The Japanese shipyards are aggressively pursuing cruise contracts, posing a greater threat to the European yards, according to delegates at the recent Seatrade conference held in New York.
Although the Japanese yards do not have any cruise ship orders to date, NKK is building a new 1,800-passenger ferry for North Sea Ferries and along with IHI was in the running for Sitmar's two new ships.
The Japanese have the technology to compete with the Europeans, according to spokespeople from several of their yards. They just need some orders to prove it, they said.
"We don't have any contracts because we don't have the experience," said a spokesperson at Hitachi-Zosen. "But we think we can break into the cruise industry. We have done a lot of research, and we have the advanced technology."
"The Japanese have the potential for superiority in the field of naval architecture and marine engineering, and the ability to deliver superior work in areas such as stability/weight control, speed performance, and energy conservation," a spokesperson at IHI said. "We may not have had sufficient experience, but in the past several years, we have gradually caught up with the Europeans by visiting ships and shipyards, and consulting with architects and designers at various levels."
A spokesperson at NKK added that his yard also has engaged the help of Norwegian and American designers, and over the last 10 years, has acquired the knowledge and capabilities to build cruise ships.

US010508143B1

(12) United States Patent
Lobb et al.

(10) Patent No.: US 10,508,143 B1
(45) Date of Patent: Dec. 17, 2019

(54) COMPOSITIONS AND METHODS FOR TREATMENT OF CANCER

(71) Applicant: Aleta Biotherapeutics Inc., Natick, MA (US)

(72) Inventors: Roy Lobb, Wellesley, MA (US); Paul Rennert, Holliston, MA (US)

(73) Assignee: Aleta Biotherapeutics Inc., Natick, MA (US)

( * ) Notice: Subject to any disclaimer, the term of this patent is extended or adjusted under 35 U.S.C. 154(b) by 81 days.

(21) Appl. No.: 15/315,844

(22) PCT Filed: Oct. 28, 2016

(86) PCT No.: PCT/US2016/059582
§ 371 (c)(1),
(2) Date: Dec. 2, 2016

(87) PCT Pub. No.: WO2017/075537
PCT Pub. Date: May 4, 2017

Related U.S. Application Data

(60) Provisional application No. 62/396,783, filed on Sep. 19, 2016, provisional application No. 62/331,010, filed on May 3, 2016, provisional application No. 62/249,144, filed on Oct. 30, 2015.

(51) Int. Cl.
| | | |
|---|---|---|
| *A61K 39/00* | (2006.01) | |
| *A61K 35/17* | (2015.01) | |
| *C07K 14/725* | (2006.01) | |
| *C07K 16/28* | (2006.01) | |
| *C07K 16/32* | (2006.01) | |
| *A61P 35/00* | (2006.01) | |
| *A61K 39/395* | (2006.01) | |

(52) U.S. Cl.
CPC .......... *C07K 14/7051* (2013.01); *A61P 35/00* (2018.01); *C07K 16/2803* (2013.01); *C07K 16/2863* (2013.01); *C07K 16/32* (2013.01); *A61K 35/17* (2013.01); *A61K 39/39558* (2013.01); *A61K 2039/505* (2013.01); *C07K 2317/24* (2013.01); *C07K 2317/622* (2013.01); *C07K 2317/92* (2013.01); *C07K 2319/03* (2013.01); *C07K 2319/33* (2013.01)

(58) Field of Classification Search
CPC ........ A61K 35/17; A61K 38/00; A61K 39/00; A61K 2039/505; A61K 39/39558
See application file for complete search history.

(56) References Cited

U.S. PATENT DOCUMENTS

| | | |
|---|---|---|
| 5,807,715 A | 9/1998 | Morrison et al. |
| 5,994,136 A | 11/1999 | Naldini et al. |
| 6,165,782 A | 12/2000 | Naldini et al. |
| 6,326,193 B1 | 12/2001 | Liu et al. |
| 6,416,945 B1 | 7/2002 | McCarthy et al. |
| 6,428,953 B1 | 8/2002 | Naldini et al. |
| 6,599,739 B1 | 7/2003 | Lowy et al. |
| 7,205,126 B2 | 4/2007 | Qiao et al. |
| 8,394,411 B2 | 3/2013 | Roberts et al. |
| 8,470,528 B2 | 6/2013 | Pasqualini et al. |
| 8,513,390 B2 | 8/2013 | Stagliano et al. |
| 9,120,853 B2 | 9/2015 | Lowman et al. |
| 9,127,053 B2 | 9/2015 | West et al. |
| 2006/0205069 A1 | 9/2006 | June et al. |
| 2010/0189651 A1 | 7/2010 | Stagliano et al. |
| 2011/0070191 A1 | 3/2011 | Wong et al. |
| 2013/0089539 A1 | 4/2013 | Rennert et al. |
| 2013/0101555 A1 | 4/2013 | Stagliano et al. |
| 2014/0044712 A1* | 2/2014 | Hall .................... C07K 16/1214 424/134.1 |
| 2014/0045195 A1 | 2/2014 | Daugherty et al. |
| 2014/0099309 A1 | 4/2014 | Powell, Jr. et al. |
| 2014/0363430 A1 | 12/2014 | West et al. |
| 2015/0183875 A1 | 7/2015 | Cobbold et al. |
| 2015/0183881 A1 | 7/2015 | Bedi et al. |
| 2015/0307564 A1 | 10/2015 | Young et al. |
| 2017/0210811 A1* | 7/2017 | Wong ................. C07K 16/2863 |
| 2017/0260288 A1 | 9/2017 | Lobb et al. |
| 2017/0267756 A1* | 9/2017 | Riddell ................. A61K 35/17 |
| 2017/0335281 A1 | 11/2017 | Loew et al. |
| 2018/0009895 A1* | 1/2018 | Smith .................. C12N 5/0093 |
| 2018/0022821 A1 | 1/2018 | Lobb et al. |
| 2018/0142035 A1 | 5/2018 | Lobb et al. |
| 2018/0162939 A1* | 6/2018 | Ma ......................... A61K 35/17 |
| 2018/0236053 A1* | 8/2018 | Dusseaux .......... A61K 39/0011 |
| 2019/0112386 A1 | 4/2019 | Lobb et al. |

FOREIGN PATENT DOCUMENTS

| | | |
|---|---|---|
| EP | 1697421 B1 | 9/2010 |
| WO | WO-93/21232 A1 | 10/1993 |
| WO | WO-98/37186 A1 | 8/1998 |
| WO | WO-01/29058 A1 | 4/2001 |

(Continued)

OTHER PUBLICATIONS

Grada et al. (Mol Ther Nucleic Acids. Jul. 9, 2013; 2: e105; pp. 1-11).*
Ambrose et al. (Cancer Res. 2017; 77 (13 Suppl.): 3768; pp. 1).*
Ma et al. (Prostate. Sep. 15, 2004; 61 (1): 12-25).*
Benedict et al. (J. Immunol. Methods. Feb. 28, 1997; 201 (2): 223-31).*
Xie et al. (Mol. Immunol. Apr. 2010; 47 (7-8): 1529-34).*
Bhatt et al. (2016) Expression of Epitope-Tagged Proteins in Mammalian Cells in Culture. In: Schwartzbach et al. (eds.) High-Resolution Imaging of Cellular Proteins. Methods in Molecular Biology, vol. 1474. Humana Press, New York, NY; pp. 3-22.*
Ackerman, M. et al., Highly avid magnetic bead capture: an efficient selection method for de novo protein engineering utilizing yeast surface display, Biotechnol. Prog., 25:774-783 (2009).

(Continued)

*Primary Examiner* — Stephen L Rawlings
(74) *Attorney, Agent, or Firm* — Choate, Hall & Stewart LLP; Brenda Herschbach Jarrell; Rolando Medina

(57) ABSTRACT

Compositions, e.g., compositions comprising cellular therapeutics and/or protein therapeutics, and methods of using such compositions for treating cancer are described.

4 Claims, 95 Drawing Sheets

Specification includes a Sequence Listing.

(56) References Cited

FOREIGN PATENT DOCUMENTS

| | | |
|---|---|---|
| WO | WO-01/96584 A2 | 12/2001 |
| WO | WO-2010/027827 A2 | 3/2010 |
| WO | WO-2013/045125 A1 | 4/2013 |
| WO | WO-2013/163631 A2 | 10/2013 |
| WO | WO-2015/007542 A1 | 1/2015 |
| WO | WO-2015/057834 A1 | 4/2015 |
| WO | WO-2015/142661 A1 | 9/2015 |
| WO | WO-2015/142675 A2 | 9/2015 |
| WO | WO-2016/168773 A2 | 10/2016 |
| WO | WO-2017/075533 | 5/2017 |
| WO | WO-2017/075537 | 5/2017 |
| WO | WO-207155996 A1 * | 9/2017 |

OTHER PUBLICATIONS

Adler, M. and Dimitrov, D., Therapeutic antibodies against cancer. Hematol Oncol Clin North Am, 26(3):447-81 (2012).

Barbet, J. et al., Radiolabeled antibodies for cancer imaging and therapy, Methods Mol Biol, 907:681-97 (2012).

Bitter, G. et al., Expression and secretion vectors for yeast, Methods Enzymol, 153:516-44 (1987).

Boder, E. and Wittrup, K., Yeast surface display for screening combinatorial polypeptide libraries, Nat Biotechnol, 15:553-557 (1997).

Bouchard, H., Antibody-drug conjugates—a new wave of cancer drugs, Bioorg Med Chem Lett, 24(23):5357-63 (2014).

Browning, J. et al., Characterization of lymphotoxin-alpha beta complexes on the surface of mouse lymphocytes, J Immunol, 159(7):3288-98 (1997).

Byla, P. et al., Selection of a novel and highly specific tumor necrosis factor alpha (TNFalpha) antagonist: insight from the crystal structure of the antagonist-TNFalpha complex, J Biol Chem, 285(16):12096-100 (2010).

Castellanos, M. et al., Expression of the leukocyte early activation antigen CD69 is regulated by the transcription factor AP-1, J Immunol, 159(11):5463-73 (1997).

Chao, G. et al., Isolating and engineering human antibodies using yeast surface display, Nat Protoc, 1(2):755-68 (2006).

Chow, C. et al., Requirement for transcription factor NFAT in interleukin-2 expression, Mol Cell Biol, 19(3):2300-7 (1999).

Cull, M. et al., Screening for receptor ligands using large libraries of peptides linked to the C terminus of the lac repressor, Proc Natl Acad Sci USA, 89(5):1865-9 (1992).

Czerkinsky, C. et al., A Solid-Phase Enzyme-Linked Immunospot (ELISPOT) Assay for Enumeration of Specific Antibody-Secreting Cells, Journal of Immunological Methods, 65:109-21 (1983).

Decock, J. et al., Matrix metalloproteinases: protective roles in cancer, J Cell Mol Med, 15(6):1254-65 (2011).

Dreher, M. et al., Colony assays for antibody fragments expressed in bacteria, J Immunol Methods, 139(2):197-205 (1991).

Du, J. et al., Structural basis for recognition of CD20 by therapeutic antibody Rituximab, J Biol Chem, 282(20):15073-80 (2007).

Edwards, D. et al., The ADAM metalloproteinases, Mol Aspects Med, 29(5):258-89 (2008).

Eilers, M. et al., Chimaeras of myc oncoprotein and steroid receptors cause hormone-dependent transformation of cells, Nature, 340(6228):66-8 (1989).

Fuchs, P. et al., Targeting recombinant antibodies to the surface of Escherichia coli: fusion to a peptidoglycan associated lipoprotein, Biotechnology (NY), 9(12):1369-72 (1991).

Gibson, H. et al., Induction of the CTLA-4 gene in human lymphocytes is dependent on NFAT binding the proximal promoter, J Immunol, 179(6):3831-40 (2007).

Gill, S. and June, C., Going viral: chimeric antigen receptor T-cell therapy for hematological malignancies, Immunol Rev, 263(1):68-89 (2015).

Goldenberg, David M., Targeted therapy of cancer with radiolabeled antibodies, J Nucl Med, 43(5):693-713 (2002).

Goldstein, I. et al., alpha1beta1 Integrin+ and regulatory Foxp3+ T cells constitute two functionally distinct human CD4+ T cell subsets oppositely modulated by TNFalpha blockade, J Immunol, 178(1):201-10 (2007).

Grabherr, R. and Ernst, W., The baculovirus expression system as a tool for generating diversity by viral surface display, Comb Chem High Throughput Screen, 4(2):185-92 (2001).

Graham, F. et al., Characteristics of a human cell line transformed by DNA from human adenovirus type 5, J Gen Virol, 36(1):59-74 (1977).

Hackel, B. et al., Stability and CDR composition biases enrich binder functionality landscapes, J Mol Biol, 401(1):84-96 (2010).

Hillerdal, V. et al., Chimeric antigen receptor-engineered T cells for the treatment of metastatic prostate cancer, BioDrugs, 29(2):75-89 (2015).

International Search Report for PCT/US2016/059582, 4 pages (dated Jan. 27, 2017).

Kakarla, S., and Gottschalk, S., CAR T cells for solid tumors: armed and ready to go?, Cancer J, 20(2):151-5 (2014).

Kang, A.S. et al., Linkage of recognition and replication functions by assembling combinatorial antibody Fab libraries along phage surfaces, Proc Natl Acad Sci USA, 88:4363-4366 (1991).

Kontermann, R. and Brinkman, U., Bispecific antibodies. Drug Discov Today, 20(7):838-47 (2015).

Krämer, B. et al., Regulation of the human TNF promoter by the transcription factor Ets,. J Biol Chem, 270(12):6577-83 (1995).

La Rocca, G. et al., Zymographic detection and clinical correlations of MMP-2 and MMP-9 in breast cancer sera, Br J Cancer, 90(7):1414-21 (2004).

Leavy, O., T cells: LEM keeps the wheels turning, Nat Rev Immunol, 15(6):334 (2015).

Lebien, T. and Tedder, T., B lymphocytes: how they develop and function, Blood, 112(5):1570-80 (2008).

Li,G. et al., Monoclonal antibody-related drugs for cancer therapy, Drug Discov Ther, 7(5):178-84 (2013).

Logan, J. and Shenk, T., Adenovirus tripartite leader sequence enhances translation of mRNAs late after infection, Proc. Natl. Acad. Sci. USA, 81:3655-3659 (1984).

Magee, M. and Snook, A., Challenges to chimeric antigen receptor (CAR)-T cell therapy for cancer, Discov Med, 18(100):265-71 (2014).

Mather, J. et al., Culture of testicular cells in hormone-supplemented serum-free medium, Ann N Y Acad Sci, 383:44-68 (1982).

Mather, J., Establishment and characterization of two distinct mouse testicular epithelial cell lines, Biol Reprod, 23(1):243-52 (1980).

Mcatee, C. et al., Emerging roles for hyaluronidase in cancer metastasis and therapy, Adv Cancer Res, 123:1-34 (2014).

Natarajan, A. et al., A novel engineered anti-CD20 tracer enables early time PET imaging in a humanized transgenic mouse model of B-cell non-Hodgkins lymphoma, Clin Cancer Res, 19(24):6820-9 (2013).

The biggest barrier to Japanese entry appears to be in the area of financing.
"We can't offer the subsidies that some of the European governments do," the representative from NKK said. "But we can get trading companies and private interests together to offer competitive and more attractive financing."
The strong yen is another obstacle, according to the spokesman from IHI.
Nevertheless, the Japanese are optimistic that they can overcome these barriers.
"In the very near future, we will be very competitive in all aspects - quality, interior design, and even price, " said the spokesman at NKK. "The European yards will not be able to subsidize all of the projects, and we will be able to offer attractive alternatives."